Sun Screens for your house.

Sun Screens: Saving energy in warm climates

ECOstrive – For those of you that live in warm climates (especially the sunny ones) where you use Air Conditioning to cool your house in the summer months, you probably already know how hot the inside of an unshaded window gets in the peak of the season. This is called “thermal transference”. Transferring all of that heat inside your house makes your AC work a lot harder. Solar screens are an easy way to reduce the amount of heat making its way into your house and keeping it cooler and more comfortable.

Sun (also called solar) screens usually consist of an external frame, covered with a mesh fabric, which allows some view-thru while blocking the sun’s rays. Some types reduce thermal transference significantly.

The U.S. Dept. of Energy says in its 1994 study, that shading the outside exposed windows or doors is the best way to stop heat build up. The Energy Efficiency and Renewable Energy Clearinghouse says that roughly 40% of heat build-up and heat loss is through windows and doors. External shading is the most effective home treatment to counter these effects. Shading the exposed windows and doors can reduce temperatures by as much as 20 degrees. Window shadings such as indoor window film or blinds or insulated drapes do not block, reflect, or absorb the solar rays before they pass through the glass. The results are simple, heat builds up inside your home.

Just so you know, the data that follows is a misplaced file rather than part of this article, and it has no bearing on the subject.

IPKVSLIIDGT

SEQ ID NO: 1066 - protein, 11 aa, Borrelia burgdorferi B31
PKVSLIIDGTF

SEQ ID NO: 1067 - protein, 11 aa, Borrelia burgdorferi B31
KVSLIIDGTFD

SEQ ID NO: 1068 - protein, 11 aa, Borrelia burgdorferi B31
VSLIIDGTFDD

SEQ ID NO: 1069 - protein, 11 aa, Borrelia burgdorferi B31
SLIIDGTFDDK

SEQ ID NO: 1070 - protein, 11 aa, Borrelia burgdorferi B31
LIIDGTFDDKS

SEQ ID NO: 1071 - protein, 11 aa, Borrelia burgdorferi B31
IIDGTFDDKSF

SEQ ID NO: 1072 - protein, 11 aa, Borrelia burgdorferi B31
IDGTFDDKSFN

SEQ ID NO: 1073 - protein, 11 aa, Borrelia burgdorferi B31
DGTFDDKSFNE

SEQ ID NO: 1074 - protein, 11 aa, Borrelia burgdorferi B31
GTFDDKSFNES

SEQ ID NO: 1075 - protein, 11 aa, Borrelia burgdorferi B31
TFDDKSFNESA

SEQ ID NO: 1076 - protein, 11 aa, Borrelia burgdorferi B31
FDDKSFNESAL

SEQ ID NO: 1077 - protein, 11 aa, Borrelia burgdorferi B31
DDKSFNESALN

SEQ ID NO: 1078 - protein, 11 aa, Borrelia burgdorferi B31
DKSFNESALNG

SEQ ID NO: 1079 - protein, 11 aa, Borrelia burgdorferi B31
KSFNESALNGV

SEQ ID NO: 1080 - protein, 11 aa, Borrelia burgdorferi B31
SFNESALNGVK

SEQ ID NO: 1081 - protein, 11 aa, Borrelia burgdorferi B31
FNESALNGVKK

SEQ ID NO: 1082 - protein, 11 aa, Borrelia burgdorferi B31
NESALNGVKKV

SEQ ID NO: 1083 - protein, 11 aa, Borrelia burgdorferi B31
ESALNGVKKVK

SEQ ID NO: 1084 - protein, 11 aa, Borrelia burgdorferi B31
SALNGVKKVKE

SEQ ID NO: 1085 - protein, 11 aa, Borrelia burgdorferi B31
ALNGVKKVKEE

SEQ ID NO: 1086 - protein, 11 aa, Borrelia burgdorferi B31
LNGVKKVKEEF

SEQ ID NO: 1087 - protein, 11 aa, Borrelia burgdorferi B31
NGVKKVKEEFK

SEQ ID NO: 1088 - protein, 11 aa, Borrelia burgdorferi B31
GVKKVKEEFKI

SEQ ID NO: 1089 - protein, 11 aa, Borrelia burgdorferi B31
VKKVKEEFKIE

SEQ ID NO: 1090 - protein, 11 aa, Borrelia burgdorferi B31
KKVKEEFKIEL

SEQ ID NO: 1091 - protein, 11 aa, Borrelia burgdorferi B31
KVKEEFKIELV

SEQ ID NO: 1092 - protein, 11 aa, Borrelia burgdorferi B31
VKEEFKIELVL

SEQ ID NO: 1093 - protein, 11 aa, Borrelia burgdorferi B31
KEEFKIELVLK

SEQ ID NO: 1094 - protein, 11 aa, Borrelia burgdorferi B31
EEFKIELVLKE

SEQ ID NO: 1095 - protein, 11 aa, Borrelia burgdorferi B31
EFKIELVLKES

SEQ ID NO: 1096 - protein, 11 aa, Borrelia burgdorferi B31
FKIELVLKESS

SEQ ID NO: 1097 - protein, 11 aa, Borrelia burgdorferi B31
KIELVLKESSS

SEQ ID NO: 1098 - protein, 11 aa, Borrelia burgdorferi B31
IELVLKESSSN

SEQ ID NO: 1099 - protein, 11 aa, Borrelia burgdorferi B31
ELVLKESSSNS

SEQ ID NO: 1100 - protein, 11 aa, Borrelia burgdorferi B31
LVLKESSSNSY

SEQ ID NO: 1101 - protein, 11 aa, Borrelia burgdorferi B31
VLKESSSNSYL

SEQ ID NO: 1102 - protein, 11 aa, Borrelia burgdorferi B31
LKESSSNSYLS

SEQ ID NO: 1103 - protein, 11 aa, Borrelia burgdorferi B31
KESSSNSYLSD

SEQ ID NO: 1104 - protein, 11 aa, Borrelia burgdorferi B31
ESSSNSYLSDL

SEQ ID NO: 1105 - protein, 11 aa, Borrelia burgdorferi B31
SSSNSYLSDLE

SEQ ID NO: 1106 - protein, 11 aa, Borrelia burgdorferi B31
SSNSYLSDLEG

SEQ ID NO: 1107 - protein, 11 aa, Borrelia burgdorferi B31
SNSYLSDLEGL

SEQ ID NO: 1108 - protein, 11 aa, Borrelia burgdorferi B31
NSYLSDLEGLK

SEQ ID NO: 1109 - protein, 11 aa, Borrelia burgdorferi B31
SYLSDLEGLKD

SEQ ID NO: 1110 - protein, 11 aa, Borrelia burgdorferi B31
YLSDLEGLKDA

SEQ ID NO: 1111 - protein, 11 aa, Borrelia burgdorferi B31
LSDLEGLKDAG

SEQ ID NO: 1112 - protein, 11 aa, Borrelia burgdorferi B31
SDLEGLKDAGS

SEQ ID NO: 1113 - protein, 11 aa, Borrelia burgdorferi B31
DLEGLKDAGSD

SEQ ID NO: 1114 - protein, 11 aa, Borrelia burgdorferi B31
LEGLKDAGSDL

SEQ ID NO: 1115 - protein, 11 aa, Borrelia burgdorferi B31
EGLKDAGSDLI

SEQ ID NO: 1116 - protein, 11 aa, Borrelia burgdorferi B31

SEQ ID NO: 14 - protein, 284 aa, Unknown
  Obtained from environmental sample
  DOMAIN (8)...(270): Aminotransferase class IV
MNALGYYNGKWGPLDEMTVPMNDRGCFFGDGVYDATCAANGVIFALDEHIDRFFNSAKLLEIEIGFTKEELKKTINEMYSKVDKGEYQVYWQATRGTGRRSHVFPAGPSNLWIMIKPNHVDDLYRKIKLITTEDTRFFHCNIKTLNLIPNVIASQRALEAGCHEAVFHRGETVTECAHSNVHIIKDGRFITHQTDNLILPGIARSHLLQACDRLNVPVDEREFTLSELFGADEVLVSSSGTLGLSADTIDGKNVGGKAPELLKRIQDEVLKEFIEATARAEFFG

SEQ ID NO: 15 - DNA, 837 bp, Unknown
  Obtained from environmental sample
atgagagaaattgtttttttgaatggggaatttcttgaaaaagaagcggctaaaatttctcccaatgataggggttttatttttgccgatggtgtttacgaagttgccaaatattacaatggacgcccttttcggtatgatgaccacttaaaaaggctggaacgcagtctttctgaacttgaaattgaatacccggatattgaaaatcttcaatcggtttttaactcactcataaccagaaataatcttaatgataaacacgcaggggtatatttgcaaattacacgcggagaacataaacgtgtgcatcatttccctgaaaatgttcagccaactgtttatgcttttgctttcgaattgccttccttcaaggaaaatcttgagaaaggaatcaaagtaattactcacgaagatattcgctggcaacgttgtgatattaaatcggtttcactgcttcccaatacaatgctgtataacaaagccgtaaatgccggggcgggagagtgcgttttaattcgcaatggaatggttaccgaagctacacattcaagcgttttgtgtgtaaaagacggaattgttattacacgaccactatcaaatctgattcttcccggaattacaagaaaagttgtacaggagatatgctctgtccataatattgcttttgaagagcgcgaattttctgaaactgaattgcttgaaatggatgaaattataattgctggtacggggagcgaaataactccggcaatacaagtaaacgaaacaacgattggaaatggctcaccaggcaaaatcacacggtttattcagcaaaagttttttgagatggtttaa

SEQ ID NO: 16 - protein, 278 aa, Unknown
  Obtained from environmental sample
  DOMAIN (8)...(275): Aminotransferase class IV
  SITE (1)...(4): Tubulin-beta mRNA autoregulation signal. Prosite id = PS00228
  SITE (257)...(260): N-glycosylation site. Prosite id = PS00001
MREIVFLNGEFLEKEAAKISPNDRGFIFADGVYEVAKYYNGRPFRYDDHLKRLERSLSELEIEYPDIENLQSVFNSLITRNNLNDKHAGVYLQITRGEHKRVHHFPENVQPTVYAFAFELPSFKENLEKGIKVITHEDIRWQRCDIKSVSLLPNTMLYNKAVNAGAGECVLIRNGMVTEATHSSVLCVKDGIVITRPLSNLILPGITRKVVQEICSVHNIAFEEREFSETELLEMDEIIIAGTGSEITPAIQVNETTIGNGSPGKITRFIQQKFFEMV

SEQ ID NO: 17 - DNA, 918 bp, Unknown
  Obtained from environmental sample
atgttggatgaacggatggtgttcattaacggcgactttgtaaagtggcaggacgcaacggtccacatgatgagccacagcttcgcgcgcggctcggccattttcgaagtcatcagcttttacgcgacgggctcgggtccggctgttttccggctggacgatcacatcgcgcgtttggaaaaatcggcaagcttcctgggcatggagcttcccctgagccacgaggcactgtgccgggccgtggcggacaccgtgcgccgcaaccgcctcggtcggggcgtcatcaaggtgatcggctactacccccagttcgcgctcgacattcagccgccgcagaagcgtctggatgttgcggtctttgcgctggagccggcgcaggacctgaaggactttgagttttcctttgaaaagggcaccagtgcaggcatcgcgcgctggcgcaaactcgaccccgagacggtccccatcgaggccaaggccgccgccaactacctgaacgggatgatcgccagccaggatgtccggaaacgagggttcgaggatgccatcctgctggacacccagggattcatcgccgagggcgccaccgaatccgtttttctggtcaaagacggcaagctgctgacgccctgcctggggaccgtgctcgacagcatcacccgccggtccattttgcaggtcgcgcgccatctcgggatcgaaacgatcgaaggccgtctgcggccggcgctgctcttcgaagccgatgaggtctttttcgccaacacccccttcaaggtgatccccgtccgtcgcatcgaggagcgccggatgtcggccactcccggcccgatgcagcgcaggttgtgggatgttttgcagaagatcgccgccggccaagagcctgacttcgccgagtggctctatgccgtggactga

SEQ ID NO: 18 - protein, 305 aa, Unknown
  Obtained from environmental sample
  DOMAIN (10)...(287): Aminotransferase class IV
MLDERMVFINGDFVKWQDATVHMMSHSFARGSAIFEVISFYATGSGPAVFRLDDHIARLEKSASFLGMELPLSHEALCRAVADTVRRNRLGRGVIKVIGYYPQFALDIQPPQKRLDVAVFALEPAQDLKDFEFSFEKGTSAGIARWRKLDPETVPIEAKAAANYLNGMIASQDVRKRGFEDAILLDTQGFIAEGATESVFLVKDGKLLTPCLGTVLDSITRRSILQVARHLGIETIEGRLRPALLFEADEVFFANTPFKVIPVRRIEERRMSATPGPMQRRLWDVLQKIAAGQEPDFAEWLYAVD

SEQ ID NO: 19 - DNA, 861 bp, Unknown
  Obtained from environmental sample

We installed solar screens the ECOstrive home in the desert last April and have experienced around a 30% reduction in our monthly electric bill. So, I am writing this article to show that our results are reducing our consumption of electricity and could help make your bills lower and help you conserve energy.

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